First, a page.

The Tamron does remarkably well to maintain sharpness at its widest aperture of f/2.8, throughout the zoom range, almost matching the Nikon 70-200mm f/2.8 in this respect. Compared with the Sigma 70-200mm, it’s also slightly sharper at 200mm, and contrast is very impressive. Autofocus is very fast and the optical stabiliser also works extremely well. Overall, this is a really excellent lens. We so often see the ED tag applied to Nikon lenses that it’s become all but ubiquitous. However, instead of one or maybe two Extra-low Dispersion elements, this lens has no fewer than seven. Build quality is also a step up from competing 70-200mm lenses, featuring a tough magnesium alloy rather than plastic barrel, complete with weather seals.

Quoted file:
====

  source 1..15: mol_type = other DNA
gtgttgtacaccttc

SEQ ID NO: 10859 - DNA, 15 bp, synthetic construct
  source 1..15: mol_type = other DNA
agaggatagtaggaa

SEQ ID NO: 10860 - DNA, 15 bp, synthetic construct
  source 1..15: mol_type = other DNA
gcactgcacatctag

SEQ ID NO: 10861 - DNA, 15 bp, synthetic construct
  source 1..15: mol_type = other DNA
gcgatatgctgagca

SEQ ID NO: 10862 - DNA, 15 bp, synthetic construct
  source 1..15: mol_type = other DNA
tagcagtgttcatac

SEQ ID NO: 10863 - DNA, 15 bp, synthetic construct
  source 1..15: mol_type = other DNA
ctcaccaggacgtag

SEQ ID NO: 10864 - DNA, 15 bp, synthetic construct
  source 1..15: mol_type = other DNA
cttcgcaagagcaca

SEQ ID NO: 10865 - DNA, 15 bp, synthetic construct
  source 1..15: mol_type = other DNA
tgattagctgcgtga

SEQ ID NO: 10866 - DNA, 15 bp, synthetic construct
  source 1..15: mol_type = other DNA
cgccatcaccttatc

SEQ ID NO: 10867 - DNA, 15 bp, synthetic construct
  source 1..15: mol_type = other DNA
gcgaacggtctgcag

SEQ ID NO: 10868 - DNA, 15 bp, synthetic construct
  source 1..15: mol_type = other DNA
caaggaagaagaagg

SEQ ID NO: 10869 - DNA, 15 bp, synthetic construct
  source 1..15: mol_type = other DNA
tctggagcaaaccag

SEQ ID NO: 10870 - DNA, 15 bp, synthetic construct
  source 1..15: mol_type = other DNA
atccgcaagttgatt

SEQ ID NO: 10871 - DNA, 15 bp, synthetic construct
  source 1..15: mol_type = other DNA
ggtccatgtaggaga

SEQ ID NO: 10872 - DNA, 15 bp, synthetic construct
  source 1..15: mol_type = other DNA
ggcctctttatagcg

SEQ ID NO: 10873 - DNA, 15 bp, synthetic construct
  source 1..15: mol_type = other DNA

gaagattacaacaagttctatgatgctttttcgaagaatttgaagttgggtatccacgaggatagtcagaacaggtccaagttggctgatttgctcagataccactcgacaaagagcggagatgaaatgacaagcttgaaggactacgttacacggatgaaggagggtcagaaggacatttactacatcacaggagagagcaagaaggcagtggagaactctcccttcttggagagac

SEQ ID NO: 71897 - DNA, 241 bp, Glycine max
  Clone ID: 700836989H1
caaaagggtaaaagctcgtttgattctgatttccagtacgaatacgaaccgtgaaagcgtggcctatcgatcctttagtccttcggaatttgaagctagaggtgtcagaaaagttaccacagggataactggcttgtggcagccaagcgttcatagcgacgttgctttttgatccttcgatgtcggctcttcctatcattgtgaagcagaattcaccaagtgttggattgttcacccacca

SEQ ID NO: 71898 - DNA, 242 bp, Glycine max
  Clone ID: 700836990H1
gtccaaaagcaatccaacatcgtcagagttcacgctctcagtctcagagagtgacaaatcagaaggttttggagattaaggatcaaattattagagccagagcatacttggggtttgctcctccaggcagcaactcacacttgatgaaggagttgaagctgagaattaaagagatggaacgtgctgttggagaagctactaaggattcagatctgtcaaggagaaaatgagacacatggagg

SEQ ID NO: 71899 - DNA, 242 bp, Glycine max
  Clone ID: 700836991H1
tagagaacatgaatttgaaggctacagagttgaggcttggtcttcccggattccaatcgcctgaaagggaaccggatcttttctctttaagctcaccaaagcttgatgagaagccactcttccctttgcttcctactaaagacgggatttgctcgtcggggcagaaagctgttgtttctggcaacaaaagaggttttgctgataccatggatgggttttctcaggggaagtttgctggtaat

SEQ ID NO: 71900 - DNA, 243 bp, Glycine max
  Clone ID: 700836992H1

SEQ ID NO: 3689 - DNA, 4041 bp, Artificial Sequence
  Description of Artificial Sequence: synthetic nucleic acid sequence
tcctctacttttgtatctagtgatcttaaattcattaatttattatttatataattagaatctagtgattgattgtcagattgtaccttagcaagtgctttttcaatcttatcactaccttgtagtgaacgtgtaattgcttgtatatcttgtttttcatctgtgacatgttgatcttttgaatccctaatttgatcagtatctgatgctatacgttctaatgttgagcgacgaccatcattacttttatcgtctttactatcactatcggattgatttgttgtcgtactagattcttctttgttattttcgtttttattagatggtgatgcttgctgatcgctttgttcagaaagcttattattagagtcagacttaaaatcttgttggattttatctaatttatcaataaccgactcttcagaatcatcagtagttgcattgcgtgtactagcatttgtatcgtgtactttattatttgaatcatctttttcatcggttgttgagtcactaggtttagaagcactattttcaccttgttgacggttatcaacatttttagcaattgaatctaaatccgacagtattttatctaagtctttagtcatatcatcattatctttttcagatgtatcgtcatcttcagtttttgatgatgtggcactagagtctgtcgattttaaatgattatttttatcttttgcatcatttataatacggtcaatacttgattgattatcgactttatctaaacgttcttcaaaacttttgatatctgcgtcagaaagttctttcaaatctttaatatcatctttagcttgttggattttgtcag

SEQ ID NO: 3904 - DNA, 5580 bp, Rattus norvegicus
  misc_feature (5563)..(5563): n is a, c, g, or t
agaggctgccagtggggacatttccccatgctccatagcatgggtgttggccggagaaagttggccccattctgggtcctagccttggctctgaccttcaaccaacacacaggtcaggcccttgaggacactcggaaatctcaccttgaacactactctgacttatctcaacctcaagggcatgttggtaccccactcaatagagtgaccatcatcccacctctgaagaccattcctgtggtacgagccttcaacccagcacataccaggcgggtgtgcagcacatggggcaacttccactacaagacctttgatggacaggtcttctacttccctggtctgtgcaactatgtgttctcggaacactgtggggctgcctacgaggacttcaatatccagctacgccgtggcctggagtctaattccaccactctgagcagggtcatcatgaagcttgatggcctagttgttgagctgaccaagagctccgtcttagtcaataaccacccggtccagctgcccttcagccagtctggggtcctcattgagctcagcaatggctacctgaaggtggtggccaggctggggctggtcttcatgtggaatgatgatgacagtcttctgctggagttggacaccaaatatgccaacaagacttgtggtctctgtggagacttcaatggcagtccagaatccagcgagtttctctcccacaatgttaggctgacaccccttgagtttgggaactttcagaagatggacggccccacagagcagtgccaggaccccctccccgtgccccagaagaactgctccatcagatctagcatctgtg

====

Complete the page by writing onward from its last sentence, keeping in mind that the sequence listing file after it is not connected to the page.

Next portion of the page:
As in the Nikon 70-200mm f/4, the VR system includes both normal and active modes, the former of which has automatic panning detection. As well as the usual A/M mode (autofocus with manual override), there’s an M/A mode that gives greater priority to manual focusing. There’s also a focus limiter, which locks autofocus travel between five metres and infinity.
Despite its magnesium alloy build, this Nikon is the heaviest 70-200mm f/2.8 lens in the group at 1.54kg. Even so, it’s reasonably comfortable for prolonged handheld shooting, and the construction really does feel the most robust.
There’s an excellent consistency in sharpness and contrast, not only throughout the zoom range but also at differing apertures. The rounded diaphragm, with nine blades, helps to maintain a pleasant bokeh when stopping down a little from f/2.8.